Because my brother and I were home-schooled, and my mother stayed at home and schooled us, the only common denominator was home time. Testing of our home environment revealed the presence of toxic mold, which was akin to the infamous Black Mold, being circulated through our ventilation system. The primary concentration was in the end of our home which had flooded during Fran. Because so much time had passed, however, the insurance company accepted no claim. This mold had been slowly killing us, and had claimed nearly everything we owned. The home itself, curtains, bedding, blankets, and any clothe toys or materials that were capable of bearing moisture were subject to bearing this deadly spore. Some items we were able to save through treatment with ultraviolet light and denatured alcohol, but the majority of our lives' sentimental possessions had to be discarded or burned, and we were dependent on extended family for housing for quite some time.

At age 13 I began to study martial sciences and train one-on-one with my personal sifu and friend. I trained extensively in Wing Chun Kung Fu, Shaolin Chin Na and Japanese Kendo, and studied such martial arts as Jeet Kun Do, Philosophical Gung Fu, Krav Maga and others. Certain principles which seemed universal to most philosophical fighting styles were serenity in the midst of chaos, accaptence of loss and hardship, and coming to terms with mortality. In studying Kendo, I was assigned to read Go Rin No Sho (The Book Of Five Rings), by Myamoto Mushashi. A widely used quote from Musashi's work struck me deeply. "The way of the warrior is the resolute acceptance of death."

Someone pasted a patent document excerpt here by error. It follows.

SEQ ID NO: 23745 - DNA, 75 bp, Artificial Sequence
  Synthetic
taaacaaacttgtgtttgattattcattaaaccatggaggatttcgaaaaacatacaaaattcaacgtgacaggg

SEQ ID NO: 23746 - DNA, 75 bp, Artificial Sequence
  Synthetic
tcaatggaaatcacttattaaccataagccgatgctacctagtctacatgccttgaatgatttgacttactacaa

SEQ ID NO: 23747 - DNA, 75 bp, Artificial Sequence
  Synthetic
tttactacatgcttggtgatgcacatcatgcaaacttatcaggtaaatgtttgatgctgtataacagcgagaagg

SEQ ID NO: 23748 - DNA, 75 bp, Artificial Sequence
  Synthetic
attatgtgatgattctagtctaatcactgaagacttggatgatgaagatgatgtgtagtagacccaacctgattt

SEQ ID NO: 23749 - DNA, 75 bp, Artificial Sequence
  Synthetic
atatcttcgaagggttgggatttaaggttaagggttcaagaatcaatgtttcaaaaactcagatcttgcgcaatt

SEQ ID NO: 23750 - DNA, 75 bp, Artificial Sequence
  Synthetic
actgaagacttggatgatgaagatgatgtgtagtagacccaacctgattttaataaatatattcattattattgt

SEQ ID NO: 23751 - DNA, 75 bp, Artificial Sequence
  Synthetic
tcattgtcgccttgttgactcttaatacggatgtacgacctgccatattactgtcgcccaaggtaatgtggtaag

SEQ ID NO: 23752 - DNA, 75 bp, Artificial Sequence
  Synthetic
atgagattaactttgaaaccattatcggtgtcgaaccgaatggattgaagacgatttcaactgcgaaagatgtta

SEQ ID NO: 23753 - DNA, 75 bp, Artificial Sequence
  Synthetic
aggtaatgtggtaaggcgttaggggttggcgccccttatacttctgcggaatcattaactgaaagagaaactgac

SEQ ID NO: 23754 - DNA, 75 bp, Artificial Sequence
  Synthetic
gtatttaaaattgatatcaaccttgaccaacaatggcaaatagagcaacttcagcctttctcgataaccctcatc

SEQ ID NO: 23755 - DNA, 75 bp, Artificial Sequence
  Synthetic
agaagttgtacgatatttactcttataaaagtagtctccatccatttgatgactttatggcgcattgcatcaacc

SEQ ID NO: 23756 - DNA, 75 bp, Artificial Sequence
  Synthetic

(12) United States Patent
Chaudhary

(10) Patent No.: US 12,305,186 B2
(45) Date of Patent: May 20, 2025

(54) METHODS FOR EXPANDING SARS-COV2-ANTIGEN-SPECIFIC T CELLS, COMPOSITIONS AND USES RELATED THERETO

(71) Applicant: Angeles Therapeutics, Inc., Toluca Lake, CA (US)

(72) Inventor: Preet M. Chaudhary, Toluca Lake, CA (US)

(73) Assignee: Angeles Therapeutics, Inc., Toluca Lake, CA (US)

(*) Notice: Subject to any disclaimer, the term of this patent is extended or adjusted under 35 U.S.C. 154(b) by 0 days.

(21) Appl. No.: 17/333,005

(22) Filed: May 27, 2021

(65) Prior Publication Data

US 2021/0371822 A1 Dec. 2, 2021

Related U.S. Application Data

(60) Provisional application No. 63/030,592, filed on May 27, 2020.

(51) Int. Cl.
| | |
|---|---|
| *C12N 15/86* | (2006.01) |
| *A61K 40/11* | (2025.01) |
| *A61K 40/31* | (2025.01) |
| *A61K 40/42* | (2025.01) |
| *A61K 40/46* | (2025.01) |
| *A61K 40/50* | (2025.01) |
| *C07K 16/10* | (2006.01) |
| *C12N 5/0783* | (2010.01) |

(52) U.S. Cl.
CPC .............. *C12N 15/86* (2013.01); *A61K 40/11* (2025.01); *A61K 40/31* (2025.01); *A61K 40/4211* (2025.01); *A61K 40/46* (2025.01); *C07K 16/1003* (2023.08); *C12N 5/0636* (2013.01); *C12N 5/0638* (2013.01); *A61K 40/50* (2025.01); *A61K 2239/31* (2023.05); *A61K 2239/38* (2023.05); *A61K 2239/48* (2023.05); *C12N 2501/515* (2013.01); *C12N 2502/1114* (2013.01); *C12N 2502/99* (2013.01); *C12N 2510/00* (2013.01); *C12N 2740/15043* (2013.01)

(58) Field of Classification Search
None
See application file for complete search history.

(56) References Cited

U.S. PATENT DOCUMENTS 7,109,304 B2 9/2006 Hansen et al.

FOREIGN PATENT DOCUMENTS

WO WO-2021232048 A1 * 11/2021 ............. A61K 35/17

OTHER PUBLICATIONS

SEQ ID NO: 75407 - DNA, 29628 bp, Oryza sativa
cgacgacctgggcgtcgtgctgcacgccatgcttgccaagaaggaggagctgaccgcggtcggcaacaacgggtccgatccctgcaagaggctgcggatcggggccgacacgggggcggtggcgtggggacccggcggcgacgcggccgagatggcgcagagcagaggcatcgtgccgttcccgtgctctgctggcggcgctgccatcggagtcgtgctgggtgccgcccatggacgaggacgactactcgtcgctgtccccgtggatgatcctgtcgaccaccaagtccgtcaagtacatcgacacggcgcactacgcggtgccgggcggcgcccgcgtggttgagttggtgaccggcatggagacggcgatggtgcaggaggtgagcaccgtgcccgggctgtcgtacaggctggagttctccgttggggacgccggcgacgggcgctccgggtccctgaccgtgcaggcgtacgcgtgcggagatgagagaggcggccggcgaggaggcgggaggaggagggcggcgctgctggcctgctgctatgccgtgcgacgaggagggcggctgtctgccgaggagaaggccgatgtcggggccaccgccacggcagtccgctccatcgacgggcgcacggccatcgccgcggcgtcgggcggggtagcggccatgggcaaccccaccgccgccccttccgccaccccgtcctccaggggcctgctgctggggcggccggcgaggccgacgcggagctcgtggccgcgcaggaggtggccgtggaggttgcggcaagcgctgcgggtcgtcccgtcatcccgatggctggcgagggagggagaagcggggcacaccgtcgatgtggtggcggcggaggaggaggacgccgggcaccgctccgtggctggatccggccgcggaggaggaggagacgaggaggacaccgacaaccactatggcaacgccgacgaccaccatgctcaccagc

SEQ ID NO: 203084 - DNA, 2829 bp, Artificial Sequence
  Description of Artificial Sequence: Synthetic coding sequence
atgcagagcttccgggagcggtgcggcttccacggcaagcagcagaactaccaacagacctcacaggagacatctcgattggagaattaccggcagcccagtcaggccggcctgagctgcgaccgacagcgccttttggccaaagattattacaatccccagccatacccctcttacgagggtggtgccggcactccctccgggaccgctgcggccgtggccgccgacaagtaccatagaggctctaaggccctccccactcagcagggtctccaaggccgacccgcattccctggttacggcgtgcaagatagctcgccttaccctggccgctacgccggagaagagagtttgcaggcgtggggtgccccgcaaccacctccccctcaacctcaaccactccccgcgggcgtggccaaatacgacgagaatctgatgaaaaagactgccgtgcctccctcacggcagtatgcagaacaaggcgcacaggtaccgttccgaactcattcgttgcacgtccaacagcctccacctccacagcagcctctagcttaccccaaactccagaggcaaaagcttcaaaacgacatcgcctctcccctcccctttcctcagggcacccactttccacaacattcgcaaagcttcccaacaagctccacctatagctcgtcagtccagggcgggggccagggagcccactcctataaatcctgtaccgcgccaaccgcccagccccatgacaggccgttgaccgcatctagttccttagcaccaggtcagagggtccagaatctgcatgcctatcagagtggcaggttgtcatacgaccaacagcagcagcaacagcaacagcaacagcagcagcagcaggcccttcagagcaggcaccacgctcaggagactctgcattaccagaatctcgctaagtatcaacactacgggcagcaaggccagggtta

When I was very young I became intrigued with law enforcement. At age 16 I joined a local Police Explorer post. At this early age I began fraternal relationships that would indoctrinate me with mindsets and concepts foreign to even most yearling police officers. At age 17, I had received such an exposure to the gory realities of human society that I found it hard to relate to nearly any of my peers. I had a certain jaded philosophy on life which they didn't understand. I was exclusively and dangerously enraptured in the police subculture. I volunteered with the Explorers for nearly 6 years until the program folded.

At age 19, I graduated from Wake Technical University with an associates degree in Criminal Justice Technologies. Three months later I was appointed the senior pastor of the Selma Emmanuel Holiness Church. During this time I mainly handled church repair projects and spent a couple of years farming with my grandfather and landscaping. It was a good, balancing refrain which sort of re-sensitized me to the less cynical side of life.